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The Arteon has a standard Automatic Post-Collision Braking System, which automatically applies the brakes in the event of a crash to help prevent secondary collisions and prevent further injuries. The Sonata doesn’t offer a post collision braking system: in the event of a collision that triggers the airbags, more collisions are possible without the protection of airbags that may have already deployed.
Over 200 people are killed each year when backed over by motor vehicles. The Arteon offers optional Maneuver Braking that uses rear sensors to monitor and automatically apply the brakes to prevent a rear collision. The Sonata doesn’t offer backup collision prevention brakes.
The Arteon offers all-wheel drive to maximize traction under poor conditions, especially in ice and snow. The Sonata doesn’t offer all-wheel drive.
The Arteon offers an optional Overhead View Camera to allow the driver to see objects all around the vehicle on a screen. The Sonata only offers a rear monitor and rear parking sensors that beep or flash a light. That doesn’t help with obstacles to the front or sides.
Compared to metal, the Arteon’s plastic fuel tank can withstand harder, more intrusive impacts without leaking; this decreases the possibility of fire. The Hyundai Sonata has a metal gas tank.
Both the Arteon and the Sonata have standard driver and passenger frontal airbags, front side-impact airbags, driver knee airbags, side-impact head airbags, front seatbelt pretensioners, front wheel drive, height adjustable front shoulder belts, four-wheel antilock brakes, traction control, electronic stability systems to prevent skidding, daytime running lights, blind spot warning systems, rearview cameras, rear cross-path warning and available lane departure warning systems.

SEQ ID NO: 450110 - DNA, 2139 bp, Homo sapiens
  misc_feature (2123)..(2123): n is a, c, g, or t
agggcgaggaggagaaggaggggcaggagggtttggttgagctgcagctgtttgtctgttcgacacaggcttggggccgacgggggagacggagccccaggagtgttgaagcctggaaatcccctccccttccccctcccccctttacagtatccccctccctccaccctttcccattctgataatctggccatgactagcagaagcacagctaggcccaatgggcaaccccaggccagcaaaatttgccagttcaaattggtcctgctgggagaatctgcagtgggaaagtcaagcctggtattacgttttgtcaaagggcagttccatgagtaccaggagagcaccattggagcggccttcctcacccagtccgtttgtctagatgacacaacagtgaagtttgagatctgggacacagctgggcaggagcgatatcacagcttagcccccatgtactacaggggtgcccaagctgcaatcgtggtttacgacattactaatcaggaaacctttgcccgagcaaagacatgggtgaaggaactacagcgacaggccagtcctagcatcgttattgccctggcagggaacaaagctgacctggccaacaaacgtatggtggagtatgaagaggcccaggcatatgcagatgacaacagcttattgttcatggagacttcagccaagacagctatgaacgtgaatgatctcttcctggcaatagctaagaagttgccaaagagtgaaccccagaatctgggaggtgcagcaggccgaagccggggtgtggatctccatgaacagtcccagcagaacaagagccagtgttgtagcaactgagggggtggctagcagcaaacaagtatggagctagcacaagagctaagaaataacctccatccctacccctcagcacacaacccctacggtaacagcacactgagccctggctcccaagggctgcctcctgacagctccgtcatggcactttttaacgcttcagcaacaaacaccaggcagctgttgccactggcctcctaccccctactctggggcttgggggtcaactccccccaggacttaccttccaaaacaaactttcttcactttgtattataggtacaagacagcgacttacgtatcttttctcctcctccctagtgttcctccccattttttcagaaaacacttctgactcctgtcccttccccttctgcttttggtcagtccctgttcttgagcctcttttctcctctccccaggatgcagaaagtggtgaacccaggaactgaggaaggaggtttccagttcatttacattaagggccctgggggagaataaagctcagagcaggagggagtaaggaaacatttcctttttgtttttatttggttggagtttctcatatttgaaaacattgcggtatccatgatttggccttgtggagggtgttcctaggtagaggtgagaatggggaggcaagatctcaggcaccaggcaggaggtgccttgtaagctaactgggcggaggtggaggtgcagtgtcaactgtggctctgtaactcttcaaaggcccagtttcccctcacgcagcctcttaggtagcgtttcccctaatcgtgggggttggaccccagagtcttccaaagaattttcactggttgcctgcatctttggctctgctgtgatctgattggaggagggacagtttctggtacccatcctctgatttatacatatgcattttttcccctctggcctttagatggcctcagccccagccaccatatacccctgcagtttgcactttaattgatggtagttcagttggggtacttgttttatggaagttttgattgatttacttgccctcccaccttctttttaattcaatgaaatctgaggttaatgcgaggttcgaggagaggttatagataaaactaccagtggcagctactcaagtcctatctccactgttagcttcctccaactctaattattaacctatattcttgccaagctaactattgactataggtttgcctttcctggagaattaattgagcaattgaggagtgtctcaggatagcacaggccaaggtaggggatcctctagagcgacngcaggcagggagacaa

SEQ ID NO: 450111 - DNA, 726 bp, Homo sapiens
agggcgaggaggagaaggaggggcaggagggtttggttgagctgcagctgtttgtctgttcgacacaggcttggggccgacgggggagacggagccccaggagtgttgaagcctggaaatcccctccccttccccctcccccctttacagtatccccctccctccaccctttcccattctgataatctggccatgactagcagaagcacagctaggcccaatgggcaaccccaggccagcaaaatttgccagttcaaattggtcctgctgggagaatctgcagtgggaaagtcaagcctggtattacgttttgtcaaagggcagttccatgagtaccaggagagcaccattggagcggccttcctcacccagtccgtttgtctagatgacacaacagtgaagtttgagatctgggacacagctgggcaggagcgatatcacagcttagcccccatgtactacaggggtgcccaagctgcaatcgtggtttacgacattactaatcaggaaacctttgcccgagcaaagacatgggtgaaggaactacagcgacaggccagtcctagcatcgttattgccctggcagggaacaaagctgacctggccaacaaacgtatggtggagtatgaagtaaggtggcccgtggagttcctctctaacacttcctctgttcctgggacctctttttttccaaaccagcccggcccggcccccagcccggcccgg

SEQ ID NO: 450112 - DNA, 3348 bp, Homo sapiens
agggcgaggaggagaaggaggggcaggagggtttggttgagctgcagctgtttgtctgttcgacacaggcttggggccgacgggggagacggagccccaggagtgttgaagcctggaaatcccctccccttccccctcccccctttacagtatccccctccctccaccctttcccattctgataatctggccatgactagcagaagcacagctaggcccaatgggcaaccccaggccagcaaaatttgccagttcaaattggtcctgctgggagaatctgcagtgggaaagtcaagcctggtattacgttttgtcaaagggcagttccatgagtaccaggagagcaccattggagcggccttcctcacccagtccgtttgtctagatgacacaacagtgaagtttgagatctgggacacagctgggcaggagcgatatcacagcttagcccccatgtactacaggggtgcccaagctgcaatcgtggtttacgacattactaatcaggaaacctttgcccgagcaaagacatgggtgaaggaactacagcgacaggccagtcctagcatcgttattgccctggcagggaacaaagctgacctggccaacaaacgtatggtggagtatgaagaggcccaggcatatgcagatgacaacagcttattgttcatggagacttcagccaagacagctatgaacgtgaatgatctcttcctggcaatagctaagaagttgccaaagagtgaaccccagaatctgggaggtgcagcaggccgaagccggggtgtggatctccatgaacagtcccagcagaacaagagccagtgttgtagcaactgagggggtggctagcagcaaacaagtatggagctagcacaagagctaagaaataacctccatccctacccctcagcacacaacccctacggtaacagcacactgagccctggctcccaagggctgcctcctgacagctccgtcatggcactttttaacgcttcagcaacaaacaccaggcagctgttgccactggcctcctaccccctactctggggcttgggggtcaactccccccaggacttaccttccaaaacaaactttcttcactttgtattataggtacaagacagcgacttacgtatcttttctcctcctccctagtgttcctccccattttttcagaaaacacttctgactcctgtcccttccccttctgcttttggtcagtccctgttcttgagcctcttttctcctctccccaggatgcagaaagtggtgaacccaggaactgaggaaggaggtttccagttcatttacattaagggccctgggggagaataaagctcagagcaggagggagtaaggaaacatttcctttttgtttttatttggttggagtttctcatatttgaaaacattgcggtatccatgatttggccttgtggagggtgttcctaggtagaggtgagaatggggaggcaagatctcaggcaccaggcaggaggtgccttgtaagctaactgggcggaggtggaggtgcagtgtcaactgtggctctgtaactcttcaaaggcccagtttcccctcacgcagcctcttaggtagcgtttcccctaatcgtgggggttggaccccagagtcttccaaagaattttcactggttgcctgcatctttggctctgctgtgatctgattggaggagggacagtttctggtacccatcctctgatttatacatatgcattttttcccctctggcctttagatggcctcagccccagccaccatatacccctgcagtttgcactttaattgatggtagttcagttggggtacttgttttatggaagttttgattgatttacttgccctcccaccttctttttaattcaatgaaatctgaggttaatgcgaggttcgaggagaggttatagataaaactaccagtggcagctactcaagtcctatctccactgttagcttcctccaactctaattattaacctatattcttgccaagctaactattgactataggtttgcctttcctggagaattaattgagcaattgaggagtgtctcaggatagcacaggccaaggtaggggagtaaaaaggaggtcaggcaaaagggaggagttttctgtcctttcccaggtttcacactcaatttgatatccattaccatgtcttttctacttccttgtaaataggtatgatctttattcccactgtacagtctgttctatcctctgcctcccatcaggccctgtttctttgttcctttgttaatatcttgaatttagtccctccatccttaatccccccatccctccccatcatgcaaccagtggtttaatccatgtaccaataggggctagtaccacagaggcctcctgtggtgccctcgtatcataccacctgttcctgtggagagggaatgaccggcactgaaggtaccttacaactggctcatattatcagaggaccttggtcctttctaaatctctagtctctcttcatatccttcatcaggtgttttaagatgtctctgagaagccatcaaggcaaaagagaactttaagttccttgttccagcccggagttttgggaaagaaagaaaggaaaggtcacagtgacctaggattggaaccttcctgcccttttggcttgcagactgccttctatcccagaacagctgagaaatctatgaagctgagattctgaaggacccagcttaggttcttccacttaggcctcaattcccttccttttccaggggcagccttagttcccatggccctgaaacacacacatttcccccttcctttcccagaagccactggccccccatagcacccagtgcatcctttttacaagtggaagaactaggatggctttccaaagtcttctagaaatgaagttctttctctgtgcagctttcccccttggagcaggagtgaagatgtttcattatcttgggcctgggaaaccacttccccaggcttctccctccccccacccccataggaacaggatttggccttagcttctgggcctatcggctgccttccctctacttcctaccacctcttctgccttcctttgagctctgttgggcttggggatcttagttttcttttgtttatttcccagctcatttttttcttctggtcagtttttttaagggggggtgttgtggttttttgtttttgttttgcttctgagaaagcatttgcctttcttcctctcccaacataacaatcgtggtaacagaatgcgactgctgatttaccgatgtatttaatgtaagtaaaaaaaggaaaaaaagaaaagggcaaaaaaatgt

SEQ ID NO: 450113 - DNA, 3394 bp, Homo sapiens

The Arteon comes with a full 6-year/72000-mile basic warranty, which covers the entire car. The Sonata’s 5-year/60,000-mile basic warranty expires 1 year and 12000 miles sooner.
The Arteon’s corrosion warranty is 3 years longer than the Sonata’s (10 vs. 7 years).
The Volkswagen Arteon’s engine uses a cast iron block for durability, while the Sonata’s engines use an aluminum block. Aluminum engine blocks are much more prone to warp and crack at high temperatures than cast iron.
The Arteon’s 2.0 turbo 4 cyl. produces 90 more horsepower (268 vs. 178) and 63 lbs.-ft. more torque (258 vs. 195) than the Sonata Eco’s standard 1.6 turbo 4 cyl. The Arteon’s 2.0 turbo 4 cyl. produces 83 more horsepower (268 vs. 185) and 80 lbs.-ft. more torque (258 vs. 178) than the Sonata’s standard 2.4 DOHC 4 cyl. The Arteon’s 2.0 turbo 4 cyl. produces 23 more horsepower (268 vs. 245) than the Sonata Limited 2.0T’s standard 2.0 turbo 4 cyl.
In heavy traffic or at stoplights the Arteon’s engine automatically turns off when the vehicle is stopped, saving fuel and reducing pollution. The engine is automatically restarted when the driver gets ready to move again. (Start/Stop isn’t accounted in present EPA fuel mileage tests.) The Sonata doesn’t offer an automatic engine start/stop system.
For better stopping power the Arteon’s brake rotors are larger than those on the Sonata:
For better traction, the Arteon has larger tires than the Sonata (245/45R18 vs. 205/65R16). The Arteon’s tires are larger than the largest tires available on the Sonata (245/45R18 vs. 235/45R18).
The Arteon’s standard tires provide better handling because they have a lower 45 series profile (height to width ratio) that provides a stiffer sidewall than the Sonata SE/Eco’s standard 65 series tires. The Arteon’s optional tires have a lower 40 series profile than the Sonata 2.0T’s 45 series tires.